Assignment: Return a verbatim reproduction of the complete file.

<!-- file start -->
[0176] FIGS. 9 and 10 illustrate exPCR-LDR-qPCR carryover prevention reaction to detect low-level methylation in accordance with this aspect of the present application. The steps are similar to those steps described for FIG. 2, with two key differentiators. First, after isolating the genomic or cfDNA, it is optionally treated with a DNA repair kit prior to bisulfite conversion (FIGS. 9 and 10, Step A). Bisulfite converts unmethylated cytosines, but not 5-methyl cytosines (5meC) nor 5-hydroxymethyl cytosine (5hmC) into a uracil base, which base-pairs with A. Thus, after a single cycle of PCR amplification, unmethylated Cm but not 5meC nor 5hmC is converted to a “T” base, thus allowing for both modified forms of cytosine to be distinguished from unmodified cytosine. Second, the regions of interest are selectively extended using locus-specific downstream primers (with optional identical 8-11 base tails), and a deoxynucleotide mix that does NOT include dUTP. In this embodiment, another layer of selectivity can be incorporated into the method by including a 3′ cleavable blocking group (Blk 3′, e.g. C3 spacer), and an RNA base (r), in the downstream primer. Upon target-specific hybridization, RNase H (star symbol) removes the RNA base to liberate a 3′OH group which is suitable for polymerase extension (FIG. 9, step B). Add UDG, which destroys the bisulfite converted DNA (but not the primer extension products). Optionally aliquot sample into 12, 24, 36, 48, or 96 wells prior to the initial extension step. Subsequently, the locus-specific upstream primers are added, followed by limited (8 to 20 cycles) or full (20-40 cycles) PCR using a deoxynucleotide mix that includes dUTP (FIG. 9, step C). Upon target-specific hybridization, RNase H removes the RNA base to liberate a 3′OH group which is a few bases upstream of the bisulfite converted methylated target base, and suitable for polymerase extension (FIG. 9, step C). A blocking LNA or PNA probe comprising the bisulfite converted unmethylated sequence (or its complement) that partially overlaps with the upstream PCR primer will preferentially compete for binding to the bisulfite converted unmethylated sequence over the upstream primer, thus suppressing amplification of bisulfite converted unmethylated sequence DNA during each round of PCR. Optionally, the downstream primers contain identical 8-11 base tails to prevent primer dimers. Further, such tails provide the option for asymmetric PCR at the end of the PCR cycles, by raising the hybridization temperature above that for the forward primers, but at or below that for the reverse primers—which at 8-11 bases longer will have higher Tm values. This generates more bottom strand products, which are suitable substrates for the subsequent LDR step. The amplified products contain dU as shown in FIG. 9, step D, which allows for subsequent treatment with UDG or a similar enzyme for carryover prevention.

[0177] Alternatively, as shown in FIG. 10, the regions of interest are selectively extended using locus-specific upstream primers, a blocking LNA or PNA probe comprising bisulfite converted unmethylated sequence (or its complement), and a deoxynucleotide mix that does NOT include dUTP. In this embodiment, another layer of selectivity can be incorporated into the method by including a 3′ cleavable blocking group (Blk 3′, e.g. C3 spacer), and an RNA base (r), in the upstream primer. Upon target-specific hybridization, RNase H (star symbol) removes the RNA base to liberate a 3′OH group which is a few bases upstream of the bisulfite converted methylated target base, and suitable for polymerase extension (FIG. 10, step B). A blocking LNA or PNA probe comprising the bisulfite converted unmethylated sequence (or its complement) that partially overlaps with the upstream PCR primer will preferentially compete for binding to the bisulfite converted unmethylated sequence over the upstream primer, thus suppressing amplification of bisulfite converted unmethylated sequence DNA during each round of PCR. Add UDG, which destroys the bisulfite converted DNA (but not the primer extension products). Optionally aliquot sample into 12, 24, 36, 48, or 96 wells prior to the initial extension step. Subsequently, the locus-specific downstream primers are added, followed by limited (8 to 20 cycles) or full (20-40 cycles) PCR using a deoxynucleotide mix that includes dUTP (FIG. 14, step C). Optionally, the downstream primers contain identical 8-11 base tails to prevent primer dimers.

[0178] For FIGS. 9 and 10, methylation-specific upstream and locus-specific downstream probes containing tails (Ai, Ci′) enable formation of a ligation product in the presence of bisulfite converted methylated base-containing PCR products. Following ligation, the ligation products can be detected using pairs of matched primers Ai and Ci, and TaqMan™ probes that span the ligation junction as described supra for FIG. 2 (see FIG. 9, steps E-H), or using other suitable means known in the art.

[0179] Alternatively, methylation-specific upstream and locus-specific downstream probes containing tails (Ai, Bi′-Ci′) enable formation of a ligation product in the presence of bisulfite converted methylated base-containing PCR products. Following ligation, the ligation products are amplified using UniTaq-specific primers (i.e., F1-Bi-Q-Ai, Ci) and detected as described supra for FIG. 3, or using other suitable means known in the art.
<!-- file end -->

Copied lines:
[0176] FIGS. 9 and 10 illustrate exPCR-LDR-qPCR carryover prevention reaction to detect low-level methylation in accordance with this aspect of the present application. The steps are similar to those steps described for FIG. 2, with two key differentiators. First, after isolating the genomic or cfDNA, it is optionally treated with a DNA repair kit prior to bisulfite conversion (FIGS. 9 and 10, Step A). Bisulfite converts unmethylated cytosines, but not 5-methyl cytosines (5meC) nor 5-hydroxymethyl cytosine (5hmC) into a uracil base, which base-pairs with A. Thus, after a single cycle of PCR amplification, unmethylated Cm but not 5meC nor 5hmC is converted to a “T” base, thus allowing for both modified forms of cytosine to be distinguished from unmodified cytosine. Second, the regions of interest are selectively extended using locus-specific downstream primers (with optional identical 8-11 base tails), and a deoxynucleotide mix that does NOT include dUTP. In this embodiment, another layer of selectivity can be incorporated into the method by including a 3′ cleavable blocking group (Blk 3′, e.g. C3 spacer), and an RNA base (r), in the downstream primer. Upon target-specific hybridization, RNase H (star symbol) removes the RNA base to liberate a 3′OH group which is suitable for polymerase extension (FIG. 9, step B). Add UDG, which destroys the bisulfite converted DNA (but not the primer extension products). Optionally aliquot sample into 12, 24, 36, 48, or 96 wells prior to the initial extension step. Subsequently, the locus-specific upstream primers are added, followed by limited (8 to 20 cycles) or full (20-40 cycles) PCR using a deoxynucleotide mix that includes dUTP (FIG. 9, step C). Upon target-specific hybridization, RNase H removes the RNA base to liberate a 3′OH group which is a few bases upstream of the bisulfite converted methylated target base, and suitable for polymerase extension (FIG. 9, step C). A blocking LNA or PNA probe comprising the bisulfite converted unmethylated sequence (or its complement) that partially overlaps with the upstream PCR primer will preferentially compete for binding to the bisulfite converted unmethylated sequence over the upstream primer, thus suppressing amplification of bisulfite converted unmethylated sequence DNA during each round of PCR. Optionally, the downstream primers contain identical 8-11 base tails to prevent primer dimers. Further, such tails provide the option for asymmetric PCR at the end of the PCR cycles, by raising the hybridization temperature above that for the forward primers, but at or below that for the reverse primers—which at 8-11 bases longer will have higher Tm values. This generates more bottom strand products, which are suitable substrates for the subsequent LDR step. The amplified products contain dU as shown in FIG. 9, step D, which allows for subsequent treatment with UDG or a similar enzyme for carryover prevention.

[0177] Alternatively, as shown in FIG. 10, the regions of interest are selectively extended using locus-specific upstream primers, a blocking LNA or PNA probe comprising bisulfite converted unmethylated sequence (or its complement), and a deoxynucleotide mix that does NOT include dUTP. In this embodiment, another layer of selectivity can be incorporated into the method by including a 3′ cleavable blocking group (Blk 3′, e.g. C3 spacer), and an RNA base (r), in the upstream primer. Upon target-specific hybridization, RNase H (star symbol) removes the RNA base to liberate a 3′OH group which is a few bases upstream of the bisulfite converted methylated target base, and suitable for polymerase extension (FIG. 10, step B). A blocking LNA or PNA probe comprising the bisulfite converted unmethylated sequence (or its complement) that partially overlaps with the upstream PCR primer will preferentially compete for binding to the bisulfite converted unmethylated sequence over the upstream primer, thus suppressing amplification of bisulfite converted unmethylated sequence DNA during each round of PCR. Add UDG, which destroys the bisulfite converted DNA (but not the primer extension products). Optionally aliquot sample into 12, 24, 36, 48, or 96 wells prior to the initial extension step. Subsequently, the locus-specific downstream primers are added, followed by limited (8 to 20 cycles) or full (20-40 cycles) PCR using a deoxynucleotide mix that includes dUTP (FIG. 14, step C). Optionally, the downstream primers contain identical 8-11 base tails to prevent primer dimers.

[0178] For FIGS. 9 and 10, methylation-specific upstream and locus-specific downstream probes containing tails (Ai, Ci′) enable formation of a ligation product in the presence of bisulfite converted methylated base-containing PCR products. Following ligation, the ligation products can be detected using pairs of matched primers Ai and Ci, and TaqMan™ probes that span the ligation junction as described supra for FIG. 2 (see FIG. 9, steps E-H), or using other suitable means known in the art.

[0179] Alternatively, methylation-specific upstream and locus-specific downstream probes containing tails (Ai, Bi′-Ci′) enable formation of a ligation product in the presence of bisulfite converted methylated base-containing PCR products. Following ligation, the ligation products are amplified using UniTaq-specific primers (i.e., F1-Bi-Q-Ai, Ci) and detected as described supra for FIG. 3, or using other suitable means known in the art.